Advice to My Younger Self: Leslie Carol Roberts, Environmental Author
Leslie Carol Roberts, ’83, is a professor and chair of the MFA writing program at California College of the Arts in San Francisco. Recently, she shared advice on how listening to her U-M professors inspired her to be an activist and helped shape her career as an environmental author. In her work, Roberts concentrates specifically on place, ecologies, and the implications of climate chaos. She is the author of “The Entire Earth and Sky: Views on Antarctica” (University of Nebraska Press, 2012) and the soon-to-be-published “Here Is Where I Walk: Episodes from a Life in the Forest” (University of Nevada Press, 2019). Her latest book traces her wanderings on foot through San Francisco’s Presidio National Park as well as in Tasmania, Australia; Antarctica; Italy; and Indiana and Michigan.
Find your passion. I learned about the role of activism in shaping policy and fomenting social change while I was at U-M. I studied political science and art history and had amazing professors who were doing research all over the world. They taught me how to think about complex problems more creatively. I wrote each of my books from the perspective that most Americans do not understand the perils of climate change. I have thrown my whole self at this topic during my career, which started in journalism, from covering Greenpeace as a reporter in Antarctica to my time spent as a Fulbright Scholar at Gateway International Antarctic Centre in New Zealand.
Know your skills. I don’t have the discipline of the field botanist. I don’t need to know the taxonomy of nature. Instead, by using the forms of the essayist—reportage, reflection, exposition, imaginative flights—I like to think I travel in creative nonfiction writing. My books are a collage, reflecting my curiosity for both Earth’s systems and the essential role of creativity and curation in civil society.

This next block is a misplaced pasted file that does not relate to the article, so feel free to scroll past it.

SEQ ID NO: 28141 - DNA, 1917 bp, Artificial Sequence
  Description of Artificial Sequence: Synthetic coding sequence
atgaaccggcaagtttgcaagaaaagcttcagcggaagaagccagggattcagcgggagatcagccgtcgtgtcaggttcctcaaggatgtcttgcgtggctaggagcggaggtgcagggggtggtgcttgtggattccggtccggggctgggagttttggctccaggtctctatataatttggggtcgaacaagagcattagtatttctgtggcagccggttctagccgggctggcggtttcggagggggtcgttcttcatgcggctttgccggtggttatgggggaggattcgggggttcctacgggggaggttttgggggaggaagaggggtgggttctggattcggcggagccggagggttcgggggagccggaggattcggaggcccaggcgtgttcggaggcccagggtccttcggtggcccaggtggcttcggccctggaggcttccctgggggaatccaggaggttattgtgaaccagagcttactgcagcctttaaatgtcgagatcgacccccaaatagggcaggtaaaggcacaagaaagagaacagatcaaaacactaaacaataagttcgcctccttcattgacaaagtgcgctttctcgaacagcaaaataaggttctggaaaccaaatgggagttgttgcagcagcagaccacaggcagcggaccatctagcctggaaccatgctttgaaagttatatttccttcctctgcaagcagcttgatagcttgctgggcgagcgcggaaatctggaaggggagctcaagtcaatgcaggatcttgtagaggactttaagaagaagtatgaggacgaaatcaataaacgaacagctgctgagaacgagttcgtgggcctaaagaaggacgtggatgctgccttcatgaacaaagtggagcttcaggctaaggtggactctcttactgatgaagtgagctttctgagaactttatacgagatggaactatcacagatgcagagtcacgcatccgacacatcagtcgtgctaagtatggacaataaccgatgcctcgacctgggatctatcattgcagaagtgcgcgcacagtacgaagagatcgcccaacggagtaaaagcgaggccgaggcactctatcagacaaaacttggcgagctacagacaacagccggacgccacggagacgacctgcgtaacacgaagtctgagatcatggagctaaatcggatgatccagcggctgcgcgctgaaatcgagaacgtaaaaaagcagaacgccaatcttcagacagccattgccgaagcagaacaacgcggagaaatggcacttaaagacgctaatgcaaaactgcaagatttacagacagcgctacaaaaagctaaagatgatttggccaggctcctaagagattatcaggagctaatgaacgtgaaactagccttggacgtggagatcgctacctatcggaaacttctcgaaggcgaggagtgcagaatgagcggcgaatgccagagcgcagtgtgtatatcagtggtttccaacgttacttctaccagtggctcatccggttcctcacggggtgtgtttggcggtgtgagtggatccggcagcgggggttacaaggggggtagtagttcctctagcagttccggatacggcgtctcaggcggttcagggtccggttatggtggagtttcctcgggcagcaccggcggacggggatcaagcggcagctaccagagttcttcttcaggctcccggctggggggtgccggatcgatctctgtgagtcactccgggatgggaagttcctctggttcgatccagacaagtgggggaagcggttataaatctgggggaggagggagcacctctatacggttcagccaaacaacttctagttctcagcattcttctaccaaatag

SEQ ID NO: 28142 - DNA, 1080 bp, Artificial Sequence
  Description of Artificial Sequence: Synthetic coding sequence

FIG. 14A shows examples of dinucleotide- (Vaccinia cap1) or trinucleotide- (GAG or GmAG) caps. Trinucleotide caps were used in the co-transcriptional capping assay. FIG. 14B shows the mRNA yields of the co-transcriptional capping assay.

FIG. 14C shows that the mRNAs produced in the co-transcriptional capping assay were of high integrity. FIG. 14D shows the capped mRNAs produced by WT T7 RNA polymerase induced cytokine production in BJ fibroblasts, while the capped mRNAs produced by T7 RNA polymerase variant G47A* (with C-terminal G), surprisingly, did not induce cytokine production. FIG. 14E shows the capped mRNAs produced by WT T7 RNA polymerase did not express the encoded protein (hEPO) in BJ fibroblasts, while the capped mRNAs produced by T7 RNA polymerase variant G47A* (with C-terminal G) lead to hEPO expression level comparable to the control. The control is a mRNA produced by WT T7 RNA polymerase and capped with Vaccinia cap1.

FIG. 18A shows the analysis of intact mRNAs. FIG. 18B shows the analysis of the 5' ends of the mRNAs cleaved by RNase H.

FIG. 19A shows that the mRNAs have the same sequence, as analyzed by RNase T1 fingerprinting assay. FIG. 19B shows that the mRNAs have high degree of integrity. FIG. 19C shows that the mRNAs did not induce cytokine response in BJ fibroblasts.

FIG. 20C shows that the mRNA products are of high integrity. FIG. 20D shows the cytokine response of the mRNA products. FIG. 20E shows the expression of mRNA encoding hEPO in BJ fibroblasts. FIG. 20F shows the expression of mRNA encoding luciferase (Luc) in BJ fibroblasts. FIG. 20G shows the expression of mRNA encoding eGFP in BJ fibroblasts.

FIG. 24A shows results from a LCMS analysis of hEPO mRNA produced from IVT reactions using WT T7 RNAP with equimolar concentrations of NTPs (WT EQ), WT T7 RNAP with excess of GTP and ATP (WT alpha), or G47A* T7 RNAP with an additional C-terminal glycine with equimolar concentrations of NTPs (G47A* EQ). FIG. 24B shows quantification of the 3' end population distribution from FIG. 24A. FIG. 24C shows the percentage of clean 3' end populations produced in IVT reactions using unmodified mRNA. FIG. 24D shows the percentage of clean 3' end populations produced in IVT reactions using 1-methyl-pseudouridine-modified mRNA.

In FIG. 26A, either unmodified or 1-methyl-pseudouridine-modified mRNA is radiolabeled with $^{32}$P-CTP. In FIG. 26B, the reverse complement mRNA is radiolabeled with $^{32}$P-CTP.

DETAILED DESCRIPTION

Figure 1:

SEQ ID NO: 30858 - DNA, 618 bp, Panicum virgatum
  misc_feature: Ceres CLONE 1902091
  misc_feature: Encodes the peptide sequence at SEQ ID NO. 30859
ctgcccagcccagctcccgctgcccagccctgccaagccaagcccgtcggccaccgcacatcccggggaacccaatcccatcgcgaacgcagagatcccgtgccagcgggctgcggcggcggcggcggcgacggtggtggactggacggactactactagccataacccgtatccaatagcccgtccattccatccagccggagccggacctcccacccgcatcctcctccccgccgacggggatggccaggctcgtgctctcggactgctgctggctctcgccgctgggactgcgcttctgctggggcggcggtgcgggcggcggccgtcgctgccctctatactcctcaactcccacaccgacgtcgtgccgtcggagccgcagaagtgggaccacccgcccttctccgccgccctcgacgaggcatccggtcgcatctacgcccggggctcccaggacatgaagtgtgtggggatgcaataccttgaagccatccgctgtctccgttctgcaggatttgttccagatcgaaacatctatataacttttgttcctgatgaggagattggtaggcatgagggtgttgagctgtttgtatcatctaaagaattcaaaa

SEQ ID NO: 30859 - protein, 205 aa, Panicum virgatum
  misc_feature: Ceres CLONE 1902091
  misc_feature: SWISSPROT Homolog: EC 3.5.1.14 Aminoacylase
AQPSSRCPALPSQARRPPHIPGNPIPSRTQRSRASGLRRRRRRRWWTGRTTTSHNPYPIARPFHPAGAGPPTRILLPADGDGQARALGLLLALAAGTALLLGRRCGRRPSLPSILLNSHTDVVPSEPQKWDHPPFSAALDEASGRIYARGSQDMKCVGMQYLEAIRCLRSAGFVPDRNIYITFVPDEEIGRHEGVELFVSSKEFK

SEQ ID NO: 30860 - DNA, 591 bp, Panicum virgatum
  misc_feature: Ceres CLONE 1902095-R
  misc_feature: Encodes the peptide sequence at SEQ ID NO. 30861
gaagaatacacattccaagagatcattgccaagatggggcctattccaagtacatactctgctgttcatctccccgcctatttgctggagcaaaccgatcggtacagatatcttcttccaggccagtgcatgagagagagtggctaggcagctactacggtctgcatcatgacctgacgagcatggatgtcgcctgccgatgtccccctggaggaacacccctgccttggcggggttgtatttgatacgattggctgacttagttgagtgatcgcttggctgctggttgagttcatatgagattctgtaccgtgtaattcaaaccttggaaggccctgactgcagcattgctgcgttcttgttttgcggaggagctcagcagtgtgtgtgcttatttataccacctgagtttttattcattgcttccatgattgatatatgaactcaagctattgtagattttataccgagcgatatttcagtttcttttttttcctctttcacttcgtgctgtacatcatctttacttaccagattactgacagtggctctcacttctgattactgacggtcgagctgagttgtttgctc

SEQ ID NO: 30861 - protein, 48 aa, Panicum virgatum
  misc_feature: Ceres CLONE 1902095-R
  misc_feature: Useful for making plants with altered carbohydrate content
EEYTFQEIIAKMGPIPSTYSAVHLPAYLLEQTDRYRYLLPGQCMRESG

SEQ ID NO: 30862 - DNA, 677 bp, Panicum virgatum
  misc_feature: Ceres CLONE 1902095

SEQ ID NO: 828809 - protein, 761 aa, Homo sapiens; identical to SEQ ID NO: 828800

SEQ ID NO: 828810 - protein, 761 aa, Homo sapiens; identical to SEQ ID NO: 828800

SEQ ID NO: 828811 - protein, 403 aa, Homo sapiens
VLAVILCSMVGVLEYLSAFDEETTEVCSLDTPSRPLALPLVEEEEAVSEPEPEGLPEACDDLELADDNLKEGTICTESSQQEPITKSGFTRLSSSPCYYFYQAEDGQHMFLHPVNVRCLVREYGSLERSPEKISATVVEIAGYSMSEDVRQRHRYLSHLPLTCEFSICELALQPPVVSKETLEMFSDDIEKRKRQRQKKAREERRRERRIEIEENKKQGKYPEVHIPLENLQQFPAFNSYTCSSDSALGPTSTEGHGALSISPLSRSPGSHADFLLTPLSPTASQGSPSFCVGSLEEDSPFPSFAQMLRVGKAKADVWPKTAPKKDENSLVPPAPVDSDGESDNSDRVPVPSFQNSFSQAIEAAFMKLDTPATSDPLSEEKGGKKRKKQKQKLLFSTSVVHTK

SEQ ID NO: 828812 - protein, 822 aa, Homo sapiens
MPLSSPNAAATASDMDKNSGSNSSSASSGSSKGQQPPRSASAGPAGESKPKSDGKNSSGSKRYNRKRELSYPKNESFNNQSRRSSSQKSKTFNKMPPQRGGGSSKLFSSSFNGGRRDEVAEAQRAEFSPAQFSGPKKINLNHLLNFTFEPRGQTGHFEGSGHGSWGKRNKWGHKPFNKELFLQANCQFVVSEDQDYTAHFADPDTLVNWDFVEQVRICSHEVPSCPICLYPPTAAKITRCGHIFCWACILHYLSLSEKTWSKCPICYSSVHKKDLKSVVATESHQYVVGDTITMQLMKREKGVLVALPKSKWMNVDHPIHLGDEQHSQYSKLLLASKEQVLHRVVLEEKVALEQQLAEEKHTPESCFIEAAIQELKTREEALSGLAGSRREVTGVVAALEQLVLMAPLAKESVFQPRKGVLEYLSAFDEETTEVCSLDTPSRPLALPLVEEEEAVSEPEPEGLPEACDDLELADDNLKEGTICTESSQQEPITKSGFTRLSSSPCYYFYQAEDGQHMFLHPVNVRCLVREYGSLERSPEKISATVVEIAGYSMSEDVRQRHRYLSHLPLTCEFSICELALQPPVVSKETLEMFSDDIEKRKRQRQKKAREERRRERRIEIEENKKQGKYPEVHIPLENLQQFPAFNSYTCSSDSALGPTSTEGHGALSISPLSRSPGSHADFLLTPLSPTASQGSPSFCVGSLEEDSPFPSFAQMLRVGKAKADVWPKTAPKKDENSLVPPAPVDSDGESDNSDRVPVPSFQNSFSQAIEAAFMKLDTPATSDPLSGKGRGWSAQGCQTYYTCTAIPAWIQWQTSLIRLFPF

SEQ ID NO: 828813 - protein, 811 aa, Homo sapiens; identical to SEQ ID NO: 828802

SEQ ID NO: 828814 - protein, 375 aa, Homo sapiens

Think for yourself. I am forever grateful to my Shakespeare professor, who really gave it to me for blindly following the literary critic Walter Pater’s interpretation of “Richard III.” I still laugh at that young me who thought quoting other’s ideas was the same as generating ideas. That professor taught me to have the courage to create new knowledge.
Travel Around Michigan. I wish I had explored the state more. Ernest Hemingway was captivated by Michigan. There are all these lakes, big and small, around Ann Arbor and Detroit. Find classes with field trips, or visit with your friends. Places create relationships.
Engage with your professors. Now that I am a professor myself, I know how committed we are to office hours, to working with our students one to one. That is why we are here. We want to help you get traction in our fields through individualized readings and discoveries. We want to help you learn better. I used to be so terrified to meet with professors. “Get over it!” I would tell the young me.
Just do it. I also think about how we stand and sing the “Leaders and Best,” and it is really both a simple statement of fact and a throwing down of the gauntlet. Our times raise difficult questions, including how our species is apparently incapable of acting to stop our own extinction. In the end, I want to change the narrative because I want ecologies, as we know them, to survive. What U-M gave me is a healthy critical lens and the pragmatic good cheer to roll up my sleeves and get to work.